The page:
Amazon and Warner Bros. appear to have resolved a pricing dispute that temporarily led the online retailer to halt disc preorders for Warner's latest movies. Or at the very least, they're getting much closer to patching things up. As evidence of that, customers can once again reserve copies of Transcendence and other films scheduled to arrive on Blu-ray and DVD in the coming weeks. In May, Amazon quietly cut off the option to preorder popular titles like The Lego Movie, an aggressive negotiating tactic that was seen by many as crossing the line.
The company has been trying to hammer out more favorable financial terms both with media suppliers like Warner Bros., and also major book publishers. Amazon and Hachette have remained entrenched on opposite sides of their very public war for over a month now, and neither side seems willing to budge. In late May, Amazon confirmed that it's been ordering far less inventory from Hachette, and preorders for the publisher's books have been unavailable for weeks. Amazon likely hopes these decisions will eventually force Hachette's hand and bring about a better deal that ensures the retailer a healthy cut of ebook sales.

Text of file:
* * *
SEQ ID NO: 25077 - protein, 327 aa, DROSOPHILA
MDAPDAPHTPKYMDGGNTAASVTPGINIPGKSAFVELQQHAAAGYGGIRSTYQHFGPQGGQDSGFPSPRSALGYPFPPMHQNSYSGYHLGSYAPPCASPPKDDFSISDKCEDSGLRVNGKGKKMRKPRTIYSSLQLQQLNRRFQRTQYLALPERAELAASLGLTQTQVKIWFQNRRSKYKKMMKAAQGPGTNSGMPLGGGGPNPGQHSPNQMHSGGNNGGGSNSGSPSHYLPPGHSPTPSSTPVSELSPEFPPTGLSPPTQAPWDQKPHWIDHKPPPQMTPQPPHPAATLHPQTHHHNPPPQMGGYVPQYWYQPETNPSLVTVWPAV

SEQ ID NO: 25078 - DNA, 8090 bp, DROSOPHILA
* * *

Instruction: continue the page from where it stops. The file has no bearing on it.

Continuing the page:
"Negotiating with suppliers for equitable terms and making stocking and assortment decisions based on those terms is one of a bookseller's, or any retailer's, most important jobs," Amazon said last month. But critics aren't buying the "other stores do it too" reasoning, and they've blasted Amazon — the world's leading bookseller — for leaning on its unmatched market position and playing hardball with suppliers. Amazon insists it has every right to do so, and that it's ultimately working to keep "service and value high for customers." The strategy appears to have paid off in the case of Warner Bros., though we're unlikely to learn the specifics of any new agreement between the companies.